Current projects: We are doing some ongoing work with Pilgrim, which is a surf shop in Brooklyn run by a friend. We just finished up some animation for AM Labs, which is a cleaning-product company based in Denmark. And we're working on our own product designs.
Mission: Striving to make designs that seem inevitable
From Photo-Graphics, an ongoing series of cameras rendered in wood
Cover images for a Money Mark LP and the New York Times Magazine
When did you decide that you wanted to be a designer? When I was younger I was interested in too many things. At some point in school, when I understood what design could encompass, it really appealed to me. Since it was so expansive, you could do quite a number of things and still call them "design."
Education: My degree is in graphic design, from the University of Arizona. Later I taught a design class for ten years in Yale's graduate program, and I feel like I learned quite a bit from the faculty and students there. I also absorbed a lot about woodworking and engineering from my father.
First design job: In school, my first "design" internship was in Hawaii, where I grew up. I worked for a small agency, doing illustrations for a local ice cream shop and coffee packaging and things like that. Out of school, it was for a small firm in San Diego, doing identities and packaging.
Who is your design hero? The answer to that question changes. But I recently read a Jim Henson biography, and I've always thought really highly of him and how he combined communication and fun and visual innovation in ways that do great things for the world.
Inside HunterGatherer's studio in Brooklyn
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Describe your workspace: We have a studio split in two parts. One is what I’d call “the clean room” and the other is the shop. So all the desks and computers are in one room, and all the saws and that sort of thing are in the other. It used to be in one room, but then you get a lot of sawdust in the computers. Beside myself we have two full-time employees and one part-time, and then we work with a lot of freelancers based on projects.
Other than the computer, what is your most important tool? I draw constantly, so probably the mechanical pencil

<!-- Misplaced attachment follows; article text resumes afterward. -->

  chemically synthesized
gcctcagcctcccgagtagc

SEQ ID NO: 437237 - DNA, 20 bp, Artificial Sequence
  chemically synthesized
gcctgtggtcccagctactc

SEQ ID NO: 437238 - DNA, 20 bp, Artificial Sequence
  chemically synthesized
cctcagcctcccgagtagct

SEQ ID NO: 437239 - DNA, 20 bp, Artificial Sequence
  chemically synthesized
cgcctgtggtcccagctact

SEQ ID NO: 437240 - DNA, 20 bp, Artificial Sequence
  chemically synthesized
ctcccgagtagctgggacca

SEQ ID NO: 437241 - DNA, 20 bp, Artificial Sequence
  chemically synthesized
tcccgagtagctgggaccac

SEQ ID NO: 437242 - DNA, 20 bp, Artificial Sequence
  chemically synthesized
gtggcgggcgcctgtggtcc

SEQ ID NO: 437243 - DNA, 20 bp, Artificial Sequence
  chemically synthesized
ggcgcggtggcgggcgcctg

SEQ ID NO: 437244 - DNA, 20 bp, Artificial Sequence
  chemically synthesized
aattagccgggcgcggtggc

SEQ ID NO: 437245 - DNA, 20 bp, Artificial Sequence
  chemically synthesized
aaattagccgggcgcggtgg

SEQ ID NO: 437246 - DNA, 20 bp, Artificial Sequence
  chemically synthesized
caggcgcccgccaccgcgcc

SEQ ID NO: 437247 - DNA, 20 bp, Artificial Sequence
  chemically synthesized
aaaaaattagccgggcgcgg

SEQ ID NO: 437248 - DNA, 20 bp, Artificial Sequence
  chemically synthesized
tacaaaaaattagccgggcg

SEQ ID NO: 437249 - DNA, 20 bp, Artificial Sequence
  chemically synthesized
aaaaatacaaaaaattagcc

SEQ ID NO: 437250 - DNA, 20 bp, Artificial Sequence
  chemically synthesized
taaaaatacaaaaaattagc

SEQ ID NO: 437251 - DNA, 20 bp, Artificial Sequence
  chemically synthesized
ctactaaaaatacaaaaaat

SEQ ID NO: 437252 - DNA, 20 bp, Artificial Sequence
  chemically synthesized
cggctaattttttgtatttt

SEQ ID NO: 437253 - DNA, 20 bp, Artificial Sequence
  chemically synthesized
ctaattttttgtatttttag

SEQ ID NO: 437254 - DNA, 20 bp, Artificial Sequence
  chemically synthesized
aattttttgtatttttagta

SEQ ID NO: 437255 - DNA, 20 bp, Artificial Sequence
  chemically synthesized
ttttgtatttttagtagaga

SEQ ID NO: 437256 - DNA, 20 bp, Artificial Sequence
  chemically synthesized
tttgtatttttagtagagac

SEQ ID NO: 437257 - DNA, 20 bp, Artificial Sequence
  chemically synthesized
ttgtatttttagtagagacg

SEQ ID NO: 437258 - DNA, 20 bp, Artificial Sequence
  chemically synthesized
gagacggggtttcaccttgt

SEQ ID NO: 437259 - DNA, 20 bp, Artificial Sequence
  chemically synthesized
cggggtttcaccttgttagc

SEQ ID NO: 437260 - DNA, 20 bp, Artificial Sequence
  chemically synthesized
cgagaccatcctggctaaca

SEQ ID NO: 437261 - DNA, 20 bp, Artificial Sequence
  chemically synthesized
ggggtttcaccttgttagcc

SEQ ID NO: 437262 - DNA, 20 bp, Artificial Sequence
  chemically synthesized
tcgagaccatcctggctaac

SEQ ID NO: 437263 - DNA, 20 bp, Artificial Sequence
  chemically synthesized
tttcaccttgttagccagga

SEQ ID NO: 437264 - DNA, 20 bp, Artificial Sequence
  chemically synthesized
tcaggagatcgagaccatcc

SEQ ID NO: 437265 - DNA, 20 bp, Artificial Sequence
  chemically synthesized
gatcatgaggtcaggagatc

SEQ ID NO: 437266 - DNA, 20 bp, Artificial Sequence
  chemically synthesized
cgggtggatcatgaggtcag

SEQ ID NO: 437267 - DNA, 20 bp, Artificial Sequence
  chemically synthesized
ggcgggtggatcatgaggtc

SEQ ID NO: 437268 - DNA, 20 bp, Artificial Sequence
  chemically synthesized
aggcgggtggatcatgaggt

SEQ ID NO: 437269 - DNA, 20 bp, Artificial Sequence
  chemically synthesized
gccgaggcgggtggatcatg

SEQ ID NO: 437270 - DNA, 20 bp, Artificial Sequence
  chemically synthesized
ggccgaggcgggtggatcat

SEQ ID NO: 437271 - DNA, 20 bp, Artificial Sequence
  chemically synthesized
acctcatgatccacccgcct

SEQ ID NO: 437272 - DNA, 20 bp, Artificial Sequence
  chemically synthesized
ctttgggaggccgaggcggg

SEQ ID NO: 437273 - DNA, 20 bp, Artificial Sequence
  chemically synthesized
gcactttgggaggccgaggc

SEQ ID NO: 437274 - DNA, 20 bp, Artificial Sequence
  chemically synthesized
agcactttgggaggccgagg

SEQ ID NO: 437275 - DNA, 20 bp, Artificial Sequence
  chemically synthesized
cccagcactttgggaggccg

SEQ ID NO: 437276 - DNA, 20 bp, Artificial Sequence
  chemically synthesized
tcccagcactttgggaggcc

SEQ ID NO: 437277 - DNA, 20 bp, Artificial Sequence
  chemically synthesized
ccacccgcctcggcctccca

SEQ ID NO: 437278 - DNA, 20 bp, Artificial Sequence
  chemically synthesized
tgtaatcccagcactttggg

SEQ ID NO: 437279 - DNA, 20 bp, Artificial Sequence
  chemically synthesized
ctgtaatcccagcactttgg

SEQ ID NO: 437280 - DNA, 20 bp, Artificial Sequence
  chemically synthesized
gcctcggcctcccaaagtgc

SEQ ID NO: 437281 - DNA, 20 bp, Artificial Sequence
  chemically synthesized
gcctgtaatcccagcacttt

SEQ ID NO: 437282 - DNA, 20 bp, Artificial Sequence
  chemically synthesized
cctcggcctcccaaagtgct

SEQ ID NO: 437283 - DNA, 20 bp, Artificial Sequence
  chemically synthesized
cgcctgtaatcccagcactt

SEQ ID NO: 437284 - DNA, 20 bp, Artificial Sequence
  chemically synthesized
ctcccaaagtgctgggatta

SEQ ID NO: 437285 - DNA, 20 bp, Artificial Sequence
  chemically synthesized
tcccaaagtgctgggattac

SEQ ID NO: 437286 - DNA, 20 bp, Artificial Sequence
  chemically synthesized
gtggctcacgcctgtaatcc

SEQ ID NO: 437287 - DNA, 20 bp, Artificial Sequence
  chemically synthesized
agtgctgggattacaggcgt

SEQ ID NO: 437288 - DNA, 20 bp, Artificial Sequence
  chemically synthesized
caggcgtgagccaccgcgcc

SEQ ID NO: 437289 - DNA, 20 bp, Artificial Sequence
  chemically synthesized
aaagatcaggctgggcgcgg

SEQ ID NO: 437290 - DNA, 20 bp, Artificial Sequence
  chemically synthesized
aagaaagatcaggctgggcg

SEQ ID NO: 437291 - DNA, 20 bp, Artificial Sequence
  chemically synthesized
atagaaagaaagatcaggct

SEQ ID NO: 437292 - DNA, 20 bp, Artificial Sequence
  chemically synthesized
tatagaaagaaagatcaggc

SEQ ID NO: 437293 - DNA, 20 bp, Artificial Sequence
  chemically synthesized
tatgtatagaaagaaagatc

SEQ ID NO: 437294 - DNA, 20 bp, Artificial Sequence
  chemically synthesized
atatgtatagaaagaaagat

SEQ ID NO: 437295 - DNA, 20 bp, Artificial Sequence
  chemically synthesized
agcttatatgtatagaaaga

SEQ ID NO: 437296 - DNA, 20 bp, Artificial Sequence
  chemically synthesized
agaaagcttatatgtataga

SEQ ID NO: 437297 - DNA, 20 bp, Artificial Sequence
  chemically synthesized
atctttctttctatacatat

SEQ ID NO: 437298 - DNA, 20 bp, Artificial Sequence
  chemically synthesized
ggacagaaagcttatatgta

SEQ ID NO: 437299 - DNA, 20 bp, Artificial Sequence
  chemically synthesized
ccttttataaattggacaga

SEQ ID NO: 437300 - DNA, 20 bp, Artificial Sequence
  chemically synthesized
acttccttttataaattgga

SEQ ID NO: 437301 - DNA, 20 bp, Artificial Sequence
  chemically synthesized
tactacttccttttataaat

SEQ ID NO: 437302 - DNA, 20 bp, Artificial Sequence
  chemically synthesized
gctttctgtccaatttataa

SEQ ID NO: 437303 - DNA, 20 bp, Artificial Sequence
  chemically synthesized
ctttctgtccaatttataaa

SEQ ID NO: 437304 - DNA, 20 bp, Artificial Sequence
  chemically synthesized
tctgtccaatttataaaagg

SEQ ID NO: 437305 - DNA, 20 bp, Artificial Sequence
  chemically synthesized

What is the best part of your job? I’ve always tried to pivot between collaborating with people and doing our own products. When I first started, I wasn’t sure if that was possible, but we’ve been doing it for 14 or 15 years now and that’s still been a model that’s worked. I feel really lucky to be able to do that
What is the worst part of your job? Probably the really business-y side of the job—taxes and payroll and that sort of thing
Identity design for Pilgrim Surf + Supply
Drawings by Todd St. John
What time do you get up and go to bed? I usually get up when one of my kids wakes up, which is sometime around 6:30 a.m. And I try to be in bed by 11:00 p.m
How do you procrastinate? Trying to teach myself new things, and buying a bunch of equipment for it
What is your favorite productivity tip or trick? Just having good people that work with me. One thing I’ve always done is try to hire somebody at least part-time who is working on projects other than client projects. Keeping them busy has always been very helpful for me in terms of moving forward those sorts of projects without a deadline
What is the most important quality in a designer? Open-mindedness and never assuming you’re right
What is the most widespread misunderstanding about design or designers? Probably the word “design” itself. Everybody says it, but no two people think it means the same thing.
Some of HunterGatherer's handmade wooden products
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What is your most prized design possession? I’ve got an old Hans Wegner paddle-arm chair that is my reading chair. It’s a little dinged up at this point, but I’d say that’s my most prized thing.
What is exciting you in design right now? Although I don’t do a lot of super high-tech things myself, I think a lot of what’s going on with algorithmic design and generative design is super interesting.
If you could redesign anything, what would you choose? Maybe designing a contemporary library, from the furniture to the way people interact with information, the books and the space. It would span a lot of things I’m interested in
What do you hope to be doing in ten years? Hitting my stride, hopefully
Lastly, who's more fun to have a drink with: architects, industrial designers or graphic designers? I think drinks are always better with as many different kinds of people as possible.
Mason Currey is a former Core77 editor and the author of Daily Rituals: How Artists Work. Previously, he was the executive editor of Print and the managing editor of Metropolis. His freelance writing has appeared in the New York Times and Slate, among other publications. He lives in Los Angeles.